The path planning algorithm, A* (star), that was implemented to compute the body path, runs in discrete space, however the real‐world is continuous hence the map needs to be discretised which is done by using an approximate cell decomposition method, trapezoidal decomposition . Figure 4.4 shows the occupancy grid that was used in the MapleSim simulations. Using the trapezoidal decomposition approach, it can be decomposed into 7 cells. The idea is to extend a vertical line in Qfree until it touches either a Qobs or reaches the borders of occupancy grid  . There is a harder-to-compute decomposition method, named as exact cell decomposition, which covers the exact shape of Qobs using convex polygons, i.e. this method produces cells with irregular boundaries. However, since all the obstacles are chosen to be rectangular, trapezoidal decomposition is sufficient enough in this particular example.
Figure 4.4 Occupancy Grid Representation
Figure 4.5 Adjacency Map of the Occupancy Grid.
Then, an adjacency map is generated where each cell is represented as a node and the adjacent cells are connected with a line, shown in Figure 4.5. The adjacency map can be expressed in matrix form, where the adjacent cells are represented as 1 and the rest as 0, given by Equation 28.
A* (star) path planning algorithm determines the cost of the 8 surrounding nodes by using Equation 28,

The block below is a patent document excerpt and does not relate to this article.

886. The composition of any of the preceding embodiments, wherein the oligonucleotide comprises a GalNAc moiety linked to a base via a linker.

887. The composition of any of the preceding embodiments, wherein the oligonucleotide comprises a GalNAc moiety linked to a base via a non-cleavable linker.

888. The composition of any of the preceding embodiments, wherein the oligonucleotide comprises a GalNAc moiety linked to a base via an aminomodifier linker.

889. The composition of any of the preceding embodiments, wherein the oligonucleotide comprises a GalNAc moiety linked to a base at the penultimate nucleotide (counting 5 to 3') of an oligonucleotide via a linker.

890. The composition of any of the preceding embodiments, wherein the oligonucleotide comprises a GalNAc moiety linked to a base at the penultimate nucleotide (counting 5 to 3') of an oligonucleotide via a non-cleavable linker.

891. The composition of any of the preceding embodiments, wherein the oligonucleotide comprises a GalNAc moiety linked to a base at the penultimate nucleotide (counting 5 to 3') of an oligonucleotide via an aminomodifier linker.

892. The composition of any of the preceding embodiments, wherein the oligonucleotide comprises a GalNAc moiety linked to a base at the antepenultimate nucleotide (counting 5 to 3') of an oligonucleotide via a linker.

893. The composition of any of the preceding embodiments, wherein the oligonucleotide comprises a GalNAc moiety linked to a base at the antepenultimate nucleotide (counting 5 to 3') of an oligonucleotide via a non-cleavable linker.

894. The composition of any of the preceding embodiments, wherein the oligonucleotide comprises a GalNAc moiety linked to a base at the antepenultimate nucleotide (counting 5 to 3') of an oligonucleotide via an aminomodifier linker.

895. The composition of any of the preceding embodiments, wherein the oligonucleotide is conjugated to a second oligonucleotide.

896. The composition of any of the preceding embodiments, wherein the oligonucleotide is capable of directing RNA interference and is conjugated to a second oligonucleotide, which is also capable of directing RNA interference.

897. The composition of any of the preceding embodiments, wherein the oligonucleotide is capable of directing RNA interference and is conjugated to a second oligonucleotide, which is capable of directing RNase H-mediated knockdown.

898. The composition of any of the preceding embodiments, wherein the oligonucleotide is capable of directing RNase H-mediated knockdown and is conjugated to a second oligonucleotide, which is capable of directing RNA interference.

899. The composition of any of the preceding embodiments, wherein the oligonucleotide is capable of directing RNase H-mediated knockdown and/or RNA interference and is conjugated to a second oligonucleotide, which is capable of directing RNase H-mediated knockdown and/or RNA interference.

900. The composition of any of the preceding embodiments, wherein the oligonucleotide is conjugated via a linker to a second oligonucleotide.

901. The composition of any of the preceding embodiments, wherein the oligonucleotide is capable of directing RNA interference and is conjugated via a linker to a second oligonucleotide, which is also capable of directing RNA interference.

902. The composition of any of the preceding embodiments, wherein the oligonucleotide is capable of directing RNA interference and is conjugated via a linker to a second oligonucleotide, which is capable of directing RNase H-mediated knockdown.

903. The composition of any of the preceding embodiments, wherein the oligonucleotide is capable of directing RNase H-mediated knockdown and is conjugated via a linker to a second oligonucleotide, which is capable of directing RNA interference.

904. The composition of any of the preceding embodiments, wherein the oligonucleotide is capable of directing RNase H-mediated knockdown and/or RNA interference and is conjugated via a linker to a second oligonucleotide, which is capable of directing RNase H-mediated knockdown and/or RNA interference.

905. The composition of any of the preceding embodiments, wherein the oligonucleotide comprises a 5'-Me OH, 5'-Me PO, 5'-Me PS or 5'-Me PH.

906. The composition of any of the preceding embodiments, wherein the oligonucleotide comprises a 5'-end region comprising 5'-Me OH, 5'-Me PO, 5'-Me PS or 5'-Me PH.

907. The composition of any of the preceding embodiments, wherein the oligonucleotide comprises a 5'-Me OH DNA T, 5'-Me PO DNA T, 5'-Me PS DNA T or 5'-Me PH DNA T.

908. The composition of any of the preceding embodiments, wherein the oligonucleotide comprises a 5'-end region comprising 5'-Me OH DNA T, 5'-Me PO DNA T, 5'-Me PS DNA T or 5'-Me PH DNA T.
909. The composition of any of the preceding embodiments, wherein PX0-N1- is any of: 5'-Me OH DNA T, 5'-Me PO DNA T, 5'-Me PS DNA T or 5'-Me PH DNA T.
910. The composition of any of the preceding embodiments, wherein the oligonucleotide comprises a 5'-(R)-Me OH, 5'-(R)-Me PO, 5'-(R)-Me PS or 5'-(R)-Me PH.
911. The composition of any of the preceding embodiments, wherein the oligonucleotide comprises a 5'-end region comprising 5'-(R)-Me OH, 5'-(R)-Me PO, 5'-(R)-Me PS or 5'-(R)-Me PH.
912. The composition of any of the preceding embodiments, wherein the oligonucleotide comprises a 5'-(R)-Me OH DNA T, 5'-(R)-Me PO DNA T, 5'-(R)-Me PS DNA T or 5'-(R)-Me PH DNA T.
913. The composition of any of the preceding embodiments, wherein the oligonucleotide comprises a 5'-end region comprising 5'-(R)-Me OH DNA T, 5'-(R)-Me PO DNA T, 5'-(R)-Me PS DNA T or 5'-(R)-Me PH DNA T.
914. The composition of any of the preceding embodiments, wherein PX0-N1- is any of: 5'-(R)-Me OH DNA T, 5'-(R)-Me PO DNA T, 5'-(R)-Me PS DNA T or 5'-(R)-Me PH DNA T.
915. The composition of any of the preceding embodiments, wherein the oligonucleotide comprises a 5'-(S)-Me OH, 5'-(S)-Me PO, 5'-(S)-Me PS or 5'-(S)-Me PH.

where G is the distance from the start node and H is the estimated distance from the end node using heuristics . G and H are calculated ignoring the obstacles, where the vertical and horizontal movements are counted as increments of 1 whereas the diagonal motions are counted in increments of √2. Table 3-1 shows an example of how G and H were calculated for Nodes A, B, and C that are shown on Figure 4.6. The nodes with the lowest...Read more »
In this chapter, the fundamental concepts of hexapod robots such as walking gaits, stability, kinematics and dynamics are covered which are essential to obtain a better understanding of the control architecture that is delivered in the next chapter.
In this section, the phases in a leg cycle are introduced, then different gaits are covered and simulations results are represented.